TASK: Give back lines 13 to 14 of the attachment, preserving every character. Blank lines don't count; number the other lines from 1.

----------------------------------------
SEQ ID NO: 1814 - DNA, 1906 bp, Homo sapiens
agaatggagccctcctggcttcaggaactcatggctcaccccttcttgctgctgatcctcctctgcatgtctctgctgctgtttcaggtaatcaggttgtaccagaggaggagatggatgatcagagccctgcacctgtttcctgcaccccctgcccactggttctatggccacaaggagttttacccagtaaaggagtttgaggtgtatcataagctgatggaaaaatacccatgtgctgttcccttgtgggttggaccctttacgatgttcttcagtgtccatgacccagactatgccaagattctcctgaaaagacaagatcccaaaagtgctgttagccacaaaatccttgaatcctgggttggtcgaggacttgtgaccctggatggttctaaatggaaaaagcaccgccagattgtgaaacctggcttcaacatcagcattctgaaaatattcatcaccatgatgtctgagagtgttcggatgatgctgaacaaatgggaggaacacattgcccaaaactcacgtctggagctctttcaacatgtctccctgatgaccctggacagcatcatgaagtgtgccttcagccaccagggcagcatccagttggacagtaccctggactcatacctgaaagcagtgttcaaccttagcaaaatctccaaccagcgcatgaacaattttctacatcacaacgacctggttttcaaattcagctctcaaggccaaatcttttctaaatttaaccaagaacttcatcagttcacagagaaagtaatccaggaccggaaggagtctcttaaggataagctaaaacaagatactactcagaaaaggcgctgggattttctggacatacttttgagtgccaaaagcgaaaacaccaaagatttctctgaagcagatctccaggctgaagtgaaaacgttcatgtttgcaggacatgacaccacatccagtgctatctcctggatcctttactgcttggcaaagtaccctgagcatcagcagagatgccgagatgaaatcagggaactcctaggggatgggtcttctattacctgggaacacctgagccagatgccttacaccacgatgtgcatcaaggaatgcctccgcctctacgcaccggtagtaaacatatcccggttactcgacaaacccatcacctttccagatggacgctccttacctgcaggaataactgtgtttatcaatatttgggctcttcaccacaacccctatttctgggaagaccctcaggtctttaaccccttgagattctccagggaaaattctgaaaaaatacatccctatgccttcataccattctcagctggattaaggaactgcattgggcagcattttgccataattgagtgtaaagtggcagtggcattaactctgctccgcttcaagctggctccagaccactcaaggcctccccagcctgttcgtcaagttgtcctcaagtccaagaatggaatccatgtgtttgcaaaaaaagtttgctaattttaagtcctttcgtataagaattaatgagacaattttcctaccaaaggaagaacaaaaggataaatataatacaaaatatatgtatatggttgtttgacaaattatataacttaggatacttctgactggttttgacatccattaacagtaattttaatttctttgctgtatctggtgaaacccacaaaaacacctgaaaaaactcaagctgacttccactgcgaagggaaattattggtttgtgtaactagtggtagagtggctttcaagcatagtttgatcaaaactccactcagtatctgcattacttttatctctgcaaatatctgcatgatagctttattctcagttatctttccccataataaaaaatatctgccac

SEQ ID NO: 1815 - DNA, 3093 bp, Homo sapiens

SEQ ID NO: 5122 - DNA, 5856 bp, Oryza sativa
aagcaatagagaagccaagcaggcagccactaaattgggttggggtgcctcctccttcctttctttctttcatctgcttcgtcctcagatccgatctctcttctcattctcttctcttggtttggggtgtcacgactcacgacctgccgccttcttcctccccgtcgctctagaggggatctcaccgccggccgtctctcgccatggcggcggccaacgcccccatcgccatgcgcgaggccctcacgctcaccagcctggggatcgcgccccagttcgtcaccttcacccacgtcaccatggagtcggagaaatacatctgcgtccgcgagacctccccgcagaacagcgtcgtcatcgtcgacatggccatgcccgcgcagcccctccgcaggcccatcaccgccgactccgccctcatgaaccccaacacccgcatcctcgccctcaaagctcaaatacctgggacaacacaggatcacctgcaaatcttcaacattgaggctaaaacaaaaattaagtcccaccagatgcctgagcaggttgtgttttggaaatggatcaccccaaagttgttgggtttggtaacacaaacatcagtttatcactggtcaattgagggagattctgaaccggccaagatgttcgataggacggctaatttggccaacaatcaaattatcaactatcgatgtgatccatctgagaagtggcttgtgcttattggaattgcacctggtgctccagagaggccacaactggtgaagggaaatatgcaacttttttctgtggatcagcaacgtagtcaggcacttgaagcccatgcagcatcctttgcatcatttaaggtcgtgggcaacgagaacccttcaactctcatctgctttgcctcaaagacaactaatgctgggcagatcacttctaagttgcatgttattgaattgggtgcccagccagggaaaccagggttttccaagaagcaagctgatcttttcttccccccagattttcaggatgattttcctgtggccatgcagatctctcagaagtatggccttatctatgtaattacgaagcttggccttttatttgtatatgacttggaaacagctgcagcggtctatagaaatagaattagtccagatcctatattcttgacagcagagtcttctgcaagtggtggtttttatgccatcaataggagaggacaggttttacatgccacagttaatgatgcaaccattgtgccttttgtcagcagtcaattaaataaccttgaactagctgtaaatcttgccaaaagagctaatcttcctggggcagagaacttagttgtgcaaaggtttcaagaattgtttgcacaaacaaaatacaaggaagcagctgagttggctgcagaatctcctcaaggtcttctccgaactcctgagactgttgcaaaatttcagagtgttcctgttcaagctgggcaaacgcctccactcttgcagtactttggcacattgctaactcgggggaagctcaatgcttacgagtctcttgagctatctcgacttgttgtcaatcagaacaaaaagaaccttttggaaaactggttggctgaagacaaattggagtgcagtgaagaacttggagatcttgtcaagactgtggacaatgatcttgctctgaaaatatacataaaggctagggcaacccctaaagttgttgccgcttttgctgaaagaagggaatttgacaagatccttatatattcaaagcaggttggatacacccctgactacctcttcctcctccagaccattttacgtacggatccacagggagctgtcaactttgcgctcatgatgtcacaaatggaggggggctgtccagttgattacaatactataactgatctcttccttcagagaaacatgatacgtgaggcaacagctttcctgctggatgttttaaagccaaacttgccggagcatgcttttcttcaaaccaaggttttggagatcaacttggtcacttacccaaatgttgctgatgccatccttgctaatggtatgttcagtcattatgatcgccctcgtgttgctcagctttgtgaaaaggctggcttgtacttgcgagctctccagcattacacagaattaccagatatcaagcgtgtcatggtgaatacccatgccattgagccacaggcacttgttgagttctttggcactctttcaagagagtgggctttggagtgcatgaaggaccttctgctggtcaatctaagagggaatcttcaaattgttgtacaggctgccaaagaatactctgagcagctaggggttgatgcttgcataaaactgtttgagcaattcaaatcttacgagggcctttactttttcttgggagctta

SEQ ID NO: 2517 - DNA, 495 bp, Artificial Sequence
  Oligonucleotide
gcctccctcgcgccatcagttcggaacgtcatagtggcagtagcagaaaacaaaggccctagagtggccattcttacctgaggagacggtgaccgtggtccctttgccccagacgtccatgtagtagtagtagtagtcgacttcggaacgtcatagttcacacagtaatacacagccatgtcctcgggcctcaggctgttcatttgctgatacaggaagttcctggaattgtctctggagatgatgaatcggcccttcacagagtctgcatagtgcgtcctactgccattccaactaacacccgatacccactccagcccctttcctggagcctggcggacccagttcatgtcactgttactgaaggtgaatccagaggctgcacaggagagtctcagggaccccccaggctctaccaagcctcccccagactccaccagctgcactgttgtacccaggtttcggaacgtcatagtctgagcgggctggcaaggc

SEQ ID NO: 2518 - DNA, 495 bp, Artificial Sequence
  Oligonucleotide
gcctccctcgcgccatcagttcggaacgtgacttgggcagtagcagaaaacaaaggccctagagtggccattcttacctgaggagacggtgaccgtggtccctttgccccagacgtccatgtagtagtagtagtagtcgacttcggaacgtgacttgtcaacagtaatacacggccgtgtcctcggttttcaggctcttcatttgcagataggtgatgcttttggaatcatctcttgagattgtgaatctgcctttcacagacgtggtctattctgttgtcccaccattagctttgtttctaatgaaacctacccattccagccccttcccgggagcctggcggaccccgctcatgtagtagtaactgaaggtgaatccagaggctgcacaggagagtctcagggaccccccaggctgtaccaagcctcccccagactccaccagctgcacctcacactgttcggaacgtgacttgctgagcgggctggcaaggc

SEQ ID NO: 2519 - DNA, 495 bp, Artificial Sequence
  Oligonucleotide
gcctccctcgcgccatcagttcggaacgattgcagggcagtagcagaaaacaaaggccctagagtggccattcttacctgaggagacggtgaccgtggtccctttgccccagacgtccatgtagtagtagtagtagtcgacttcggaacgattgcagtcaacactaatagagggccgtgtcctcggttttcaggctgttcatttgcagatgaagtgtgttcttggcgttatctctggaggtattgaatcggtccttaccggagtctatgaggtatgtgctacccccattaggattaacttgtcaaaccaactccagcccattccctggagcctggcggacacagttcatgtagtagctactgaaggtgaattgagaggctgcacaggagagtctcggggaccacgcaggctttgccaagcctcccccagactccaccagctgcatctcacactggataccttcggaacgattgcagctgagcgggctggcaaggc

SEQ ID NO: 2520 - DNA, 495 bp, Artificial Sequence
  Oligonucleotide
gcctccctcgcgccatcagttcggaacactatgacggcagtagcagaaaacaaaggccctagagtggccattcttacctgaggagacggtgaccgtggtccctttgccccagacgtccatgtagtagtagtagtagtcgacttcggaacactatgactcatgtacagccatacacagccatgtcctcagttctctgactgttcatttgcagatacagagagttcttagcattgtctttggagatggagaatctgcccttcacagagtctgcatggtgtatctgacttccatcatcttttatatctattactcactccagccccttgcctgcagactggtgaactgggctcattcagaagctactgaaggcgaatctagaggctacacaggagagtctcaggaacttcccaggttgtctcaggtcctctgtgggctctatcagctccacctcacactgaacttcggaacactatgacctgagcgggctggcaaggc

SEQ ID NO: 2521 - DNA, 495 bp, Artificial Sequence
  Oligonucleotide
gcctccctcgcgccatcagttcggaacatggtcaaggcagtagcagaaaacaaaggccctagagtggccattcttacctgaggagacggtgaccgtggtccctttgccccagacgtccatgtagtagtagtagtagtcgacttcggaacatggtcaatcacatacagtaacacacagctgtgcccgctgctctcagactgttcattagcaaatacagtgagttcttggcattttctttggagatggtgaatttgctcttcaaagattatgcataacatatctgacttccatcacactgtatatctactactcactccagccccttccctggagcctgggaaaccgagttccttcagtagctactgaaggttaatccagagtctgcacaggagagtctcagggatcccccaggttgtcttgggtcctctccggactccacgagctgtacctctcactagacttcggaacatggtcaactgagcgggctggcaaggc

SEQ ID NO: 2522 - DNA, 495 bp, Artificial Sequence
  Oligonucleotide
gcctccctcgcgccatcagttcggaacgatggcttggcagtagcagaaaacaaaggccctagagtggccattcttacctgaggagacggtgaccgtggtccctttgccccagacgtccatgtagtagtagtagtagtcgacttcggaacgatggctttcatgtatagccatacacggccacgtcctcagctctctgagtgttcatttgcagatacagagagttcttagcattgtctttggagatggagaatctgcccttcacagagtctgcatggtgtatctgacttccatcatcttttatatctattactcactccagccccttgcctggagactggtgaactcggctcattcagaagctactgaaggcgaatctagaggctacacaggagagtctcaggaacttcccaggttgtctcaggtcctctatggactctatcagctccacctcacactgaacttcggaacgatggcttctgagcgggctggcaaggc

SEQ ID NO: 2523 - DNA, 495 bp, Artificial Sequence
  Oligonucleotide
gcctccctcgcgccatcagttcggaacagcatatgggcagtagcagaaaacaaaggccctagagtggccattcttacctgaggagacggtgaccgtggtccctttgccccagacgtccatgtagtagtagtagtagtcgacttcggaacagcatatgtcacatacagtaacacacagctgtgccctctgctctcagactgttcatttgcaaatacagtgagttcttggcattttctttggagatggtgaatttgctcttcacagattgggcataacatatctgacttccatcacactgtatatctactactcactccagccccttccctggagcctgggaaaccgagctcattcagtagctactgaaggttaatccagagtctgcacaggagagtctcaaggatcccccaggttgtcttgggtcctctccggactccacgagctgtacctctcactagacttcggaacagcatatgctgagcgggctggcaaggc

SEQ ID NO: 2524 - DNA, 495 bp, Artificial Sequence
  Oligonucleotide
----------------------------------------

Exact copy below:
  Oligonucleotide
gcctccctcgcgccatcagttcggaacgattgcagggcagtagcagaaaacaaaggccctagagtggccattcttacctgaggagacggtgaccgtggtccctttgccccagacgtccatgtagtagtagtagtagtcgacttcggaacgattgcagtcaacactaatagagggccgtgtcctcggttttcaggctgttcatttgcagatgaagtgtgttcttggcgttatctctggaggtattgaatcggtccttaccggagtctatgaggtatgtgctacccccattaggattaacttgtcaaaccaactccagcccattccctggagcctggcggacacagttcatgtagtagctactgaaggtgaattgagaggctgcacaggagagtctcggggaccacgcaggctttgccaagcctcccccagactccaccagctgcatctcacactggataccttcggaacgattgcagctgagcgggctggcaaggc